I’m looking to hire multiple postdoctoral scholars to work on a new project whose aim is to investigate ways of adding linguistically informed structure to neural natural language generation (NNLG) models in order to enhance both the quality and controllability of NNLG in dialogue systems. The scholar will have significant freedom to create a research agenda in this area as well as opportunities to advise students and collaborate with other linguistics and AI faculty in the department and across the university. The official job posting is not yet available but informal enquiries may be sent by email in the meanwhile!
Thrilled to note that our forthcoming ACL-19 paper (also here) on using constrained decoding together with hierarchical discourse structure in neural NLG is now out! The paper shows that constrained decoding can help achieve more controllable and semantically correct output in task-oriented dialog with neural sequence-to-sequence models. While the battle to rein in neural generators continues, we’d like to think this work at least represents a quite successful skirmish!
Our paper on LSTM Hypertagging at INLG-18 shows that (partially) neuralizing a traditional grammar-based surface realizer can achieve substantial performance gains. One might have thought that by now end-to-end neural methods would’ve been shown to work the best on the surface realization task. However, our (unpublished) attempts to train an attentional sequence-to-sequence model on the exact same OpenCCG inputs worked poorly, consistent with the poor performance observed by Marcheggiani and Perez-Beltrachini in their INLG-18 paper where they experimented with both sequence-to-sequence and graph-to-sequence models on the related task of generating from the deep representations from the 2011 shared task on surface realization. Along with recent parsing results showing that grammar-based methods can outperform neural ones, this suggests that the highest quality outputs might still be obtained using grammar-based realizers. See the slides from our talk for further discussion and next steps.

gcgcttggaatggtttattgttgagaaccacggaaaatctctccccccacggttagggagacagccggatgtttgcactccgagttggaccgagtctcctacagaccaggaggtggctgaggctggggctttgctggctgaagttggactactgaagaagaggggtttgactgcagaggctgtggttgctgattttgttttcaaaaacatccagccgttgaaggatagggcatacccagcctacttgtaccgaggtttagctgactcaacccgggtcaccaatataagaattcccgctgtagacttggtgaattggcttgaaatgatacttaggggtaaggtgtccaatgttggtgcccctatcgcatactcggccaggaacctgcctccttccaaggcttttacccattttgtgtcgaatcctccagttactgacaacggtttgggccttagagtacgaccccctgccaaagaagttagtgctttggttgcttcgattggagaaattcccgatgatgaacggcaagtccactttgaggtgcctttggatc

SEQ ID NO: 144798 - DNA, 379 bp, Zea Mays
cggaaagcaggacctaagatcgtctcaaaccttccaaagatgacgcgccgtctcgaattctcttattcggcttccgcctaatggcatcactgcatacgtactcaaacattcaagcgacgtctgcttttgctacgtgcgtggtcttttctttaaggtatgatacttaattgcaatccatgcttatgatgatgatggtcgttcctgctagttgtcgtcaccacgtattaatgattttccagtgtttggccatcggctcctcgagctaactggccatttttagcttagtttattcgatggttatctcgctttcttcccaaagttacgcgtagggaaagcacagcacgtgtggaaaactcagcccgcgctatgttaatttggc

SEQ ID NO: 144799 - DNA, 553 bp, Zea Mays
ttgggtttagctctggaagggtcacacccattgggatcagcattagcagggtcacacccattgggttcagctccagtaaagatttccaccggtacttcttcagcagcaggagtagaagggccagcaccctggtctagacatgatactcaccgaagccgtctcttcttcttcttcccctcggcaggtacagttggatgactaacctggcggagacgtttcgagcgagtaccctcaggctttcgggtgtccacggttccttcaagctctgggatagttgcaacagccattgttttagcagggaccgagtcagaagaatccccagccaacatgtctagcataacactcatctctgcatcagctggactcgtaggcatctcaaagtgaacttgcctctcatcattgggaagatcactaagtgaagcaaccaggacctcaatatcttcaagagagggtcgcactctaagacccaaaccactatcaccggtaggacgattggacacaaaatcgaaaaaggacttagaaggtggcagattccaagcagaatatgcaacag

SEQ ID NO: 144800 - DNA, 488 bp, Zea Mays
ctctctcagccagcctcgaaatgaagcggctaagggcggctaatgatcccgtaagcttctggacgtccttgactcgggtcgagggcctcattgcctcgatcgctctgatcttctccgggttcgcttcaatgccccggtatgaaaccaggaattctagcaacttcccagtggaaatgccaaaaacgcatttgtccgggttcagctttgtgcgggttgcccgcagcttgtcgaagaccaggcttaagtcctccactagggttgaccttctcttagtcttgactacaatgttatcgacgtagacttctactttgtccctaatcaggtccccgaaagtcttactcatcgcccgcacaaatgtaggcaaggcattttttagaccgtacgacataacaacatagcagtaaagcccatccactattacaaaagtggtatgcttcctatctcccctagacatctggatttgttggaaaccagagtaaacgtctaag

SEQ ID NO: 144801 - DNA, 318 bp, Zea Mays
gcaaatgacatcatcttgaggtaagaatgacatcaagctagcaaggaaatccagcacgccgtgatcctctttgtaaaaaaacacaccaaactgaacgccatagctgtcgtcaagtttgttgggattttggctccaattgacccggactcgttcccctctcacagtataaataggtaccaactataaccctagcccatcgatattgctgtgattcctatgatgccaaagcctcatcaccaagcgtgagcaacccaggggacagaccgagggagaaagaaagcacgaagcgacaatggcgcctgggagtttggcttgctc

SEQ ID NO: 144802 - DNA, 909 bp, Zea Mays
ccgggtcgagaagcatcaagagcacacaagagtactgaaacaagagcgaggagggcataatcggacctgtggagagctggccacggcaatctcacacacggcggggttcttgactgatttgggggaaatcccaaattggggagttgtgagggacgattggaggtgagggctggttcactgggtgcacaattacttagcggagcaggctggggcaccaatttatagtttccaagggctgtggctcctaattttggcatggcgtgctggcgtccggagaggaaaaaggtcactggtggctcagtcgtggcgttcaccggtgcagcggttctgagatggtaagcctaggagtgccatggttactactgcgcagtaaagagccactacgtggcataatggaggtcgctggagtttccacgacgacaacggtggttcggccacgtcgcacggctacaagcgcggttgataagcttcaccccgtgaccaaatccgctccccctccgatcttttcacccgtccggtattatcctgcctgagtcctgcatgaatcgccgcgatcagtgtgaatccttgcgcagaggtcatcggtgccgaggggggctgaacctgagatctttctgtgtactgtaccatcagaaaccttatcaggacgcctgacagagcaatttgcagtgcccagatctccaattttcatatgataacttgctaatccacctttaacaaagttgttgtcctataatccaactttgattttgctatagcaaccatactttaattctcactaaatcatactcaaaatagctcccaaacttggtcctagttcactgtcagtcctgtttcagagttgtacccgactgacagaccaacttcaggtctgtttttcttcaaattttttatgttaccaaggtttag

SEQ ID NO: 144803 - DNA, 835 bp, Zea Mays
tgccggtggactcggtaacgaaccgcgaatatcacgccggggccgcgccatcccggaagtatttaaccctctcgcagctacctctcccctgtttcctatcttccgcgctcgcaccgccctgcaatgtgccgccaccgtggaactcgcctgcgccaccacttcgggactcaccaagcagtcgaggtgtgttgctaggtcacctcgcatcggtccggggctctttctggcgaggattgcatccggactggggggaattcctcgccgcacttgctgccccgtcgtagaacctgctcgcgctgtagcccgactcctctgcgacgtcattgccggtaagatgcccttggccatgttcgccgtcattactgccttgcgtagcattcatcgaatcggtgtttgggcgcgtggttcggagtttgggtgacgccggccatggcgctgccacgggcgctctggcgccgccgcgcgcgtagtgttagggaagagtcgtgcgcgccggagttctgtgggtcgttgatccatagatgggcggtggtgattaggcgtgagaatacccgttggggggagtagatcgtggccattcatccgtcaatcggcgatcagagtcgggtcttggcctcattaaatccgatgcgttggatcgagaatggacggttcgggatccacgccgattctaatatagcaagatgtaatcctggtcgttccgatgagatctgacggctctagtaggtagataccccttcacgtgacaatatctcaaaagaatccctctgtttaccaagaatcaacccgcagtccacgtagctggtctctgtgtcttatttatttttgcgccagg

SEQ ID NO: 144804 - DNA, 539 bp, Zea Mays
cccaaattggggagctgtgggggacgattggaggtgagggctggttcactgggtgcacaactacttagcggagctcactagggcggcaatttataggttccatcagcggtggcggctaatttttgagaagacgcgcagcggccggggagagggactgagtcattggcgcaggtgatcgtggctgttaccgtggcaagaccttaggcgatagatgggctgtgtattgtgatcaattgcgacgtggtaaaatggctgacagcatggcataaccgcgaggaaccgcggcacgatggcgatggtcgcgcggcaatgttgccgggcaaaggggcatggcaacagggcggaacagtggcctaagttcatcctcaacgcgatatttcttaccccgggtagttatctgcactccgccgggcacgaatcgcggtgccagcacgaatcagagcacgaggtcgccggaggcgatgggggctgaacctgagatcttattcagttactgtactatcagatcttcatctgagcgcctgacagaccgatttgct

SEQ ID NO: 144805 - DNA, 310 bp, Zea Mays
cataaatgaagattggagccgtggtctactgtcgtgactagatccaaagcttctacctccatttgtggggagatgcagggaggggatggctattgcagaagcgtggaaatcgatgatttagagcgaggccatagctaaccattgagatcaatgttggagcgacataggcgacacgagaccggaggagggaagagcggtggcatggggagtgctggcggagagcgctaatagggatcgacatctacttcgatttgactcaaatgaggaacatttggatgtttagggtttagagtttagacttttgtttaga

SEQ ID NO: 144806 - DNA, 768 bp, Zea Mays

Our entry in the multilingual surface realization shared task at this year’s ACL, which used a neural morphological inflection model together with a linearizer employing novel dependency locality features, achieved the best scores on the automatic metrics for more than half of the shared task languages and also did well on the human evaluation.
After a transitional period I have taken up the position of Squibs & Discussions editor for the Computational Linguistics journal, and the first squib for which I’ve served as editor is now available early access online. It’s a meta-review of effectiveness of BLEU, by Ehud Reiter, where he concludes that there is insufficient evidence for using BLEU beyond diagnostic evaluation of MT systems — a conclusion drastically at odds with much current usage.
Keep submitting your interesting squibs!
Ever thought there should be a game for teaching about structural ambiguity and why it’s so hard for computers? Done that, as noted in a previous post. And now you’ll soon be able to read about the motivation and technical details of Madly Ambiguous in our demo paper to appear at NAACL HLT 2018 next week!
Lifeng Jin, David King, Amad Hussein, Doug Danforth and I have found that to tackle the long tail of relatively infrequently asked questions in a virtual patient dialogue system, it pays to combine paraphrasing for data augmentation with neural memory-based classification, as together the two methods yield a nearly 10% absolute improvement in accuracy on the least frequently asked questions. The paper will appear next week at the 13th Workshop on Innovative Use of NLP for Building Educational Applications at NAACL HLT 2018 in New Orleans.